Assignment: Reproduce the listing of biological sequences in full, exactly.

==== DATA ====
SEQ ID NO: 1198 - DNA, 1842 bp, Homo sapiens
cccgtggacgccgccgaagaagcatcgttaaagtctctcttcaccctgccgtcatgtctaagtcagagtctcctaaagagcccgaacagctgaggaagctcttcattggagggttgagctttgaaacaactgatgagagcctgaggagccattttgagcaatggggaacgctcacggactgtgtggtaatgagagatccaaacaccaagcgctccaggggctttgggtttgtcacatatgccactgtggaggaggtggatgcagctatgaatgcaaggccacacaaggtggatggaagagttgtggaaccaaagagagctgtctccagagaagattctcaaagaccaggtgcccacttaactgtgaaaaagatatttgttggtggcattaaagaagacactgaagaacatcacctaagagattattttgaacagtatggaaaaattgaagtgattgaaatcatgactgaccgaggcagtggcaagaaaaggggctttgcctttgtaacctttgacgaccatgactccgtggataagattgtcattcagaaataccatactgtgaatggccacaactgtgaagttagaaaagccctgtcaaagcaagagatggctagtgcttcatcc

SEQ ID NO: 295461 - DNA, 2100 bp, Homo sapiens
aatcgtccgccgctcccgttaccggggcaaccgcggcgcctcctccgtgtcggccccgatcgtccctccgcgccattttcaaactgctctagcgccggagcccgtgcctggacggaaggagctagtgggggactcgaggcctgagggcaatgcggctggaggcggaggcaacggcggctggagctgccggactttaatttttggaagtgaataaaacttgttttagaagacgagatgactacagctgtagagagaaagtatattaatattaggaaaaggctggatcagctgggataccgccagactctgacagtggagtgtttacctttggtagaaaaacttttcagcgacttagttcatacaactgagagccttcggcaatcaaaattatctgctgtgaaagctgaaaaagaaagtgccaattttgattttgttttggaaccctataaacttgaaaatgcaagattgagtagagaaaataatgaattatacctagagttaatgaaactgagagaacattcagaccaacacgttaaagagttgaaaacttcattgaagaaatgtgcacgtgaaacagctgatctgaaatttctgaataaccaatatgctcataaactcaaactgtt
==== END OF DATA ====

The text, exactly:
SEQ ID NO: 1198 - DNA, 1842 bp, Homo sapiens
cccgtggacgccgccgaagaagcatcgttaaagtctctcttcaccctgccgtcatgtctaagtcagagtctcctaaagagcccgaacagctgaggaagctcttcattggagggttgagctttgaaacaactgatgagagcctgaggagccattttgagcaatggggaacgctcacggactgtgtggtaatgagagatccaaacaccaagcgctccaggggctttgggtttgtcacatatgccactgtggaggaggtggatgcagctatgaatgcaaggccacacaaggtggatggaagagttgtggaaccaaagagagctgtctccagagaagattctcaaagaccaggtgcccacttaactgtgaaaaagatatttgttggtggcattaaagaagacactgaagaacatcacctaagagattattttgaacagtatggaaaaattgaagtgattgaaatcatgactgaccgaggcagtggcaagaaaaggggctttgcctttgtaacctttgacgaccatgactccgtggataagattgtcattcagaaataccatactgtgaatggccacaactgtgaagttagaaaagccctgtcaaagcaagagatggctagtgcttcatcc

SEQ ID NO: 295461 - DNA, 2100 bp, Homo sapiens
aatcgtccgccgctcccgttaccggggcaaccgcggcgcctcctccgtgtcggccccgatcgtccctccgcgccattttcaaactgctctagcgccggagcccgtgcctggacggaaggagctagtgggggactcgaggcctgagggcaatgcggctggaggcggaggcaacggcggctggagctgccggactttaatttttggaagtgaataaaacttgttttagaagacgagatgactacagctgtagagagaaagtatattaatattaggaaaaggctggatcagctgggataccgccagactctgacagtggagtgtttacctttggtagaaaaacttttcagcgacttagttcatacaactgagagccttcggcaatcaaaattatctgctgtgaaagctgaaaaagaaagtgccaattttgattttgttttggaaccctataaacttgaaaatgcaagattgagtagagaaaataatgaattatacctagagttaatgaaactgagagaacattcagaccaacacgttaaagagttgaaaacttcattgaagaaatgtgcacgtgaaacagctgatctgaaatttctgaataaccaatatgctcataaactcaaactgtt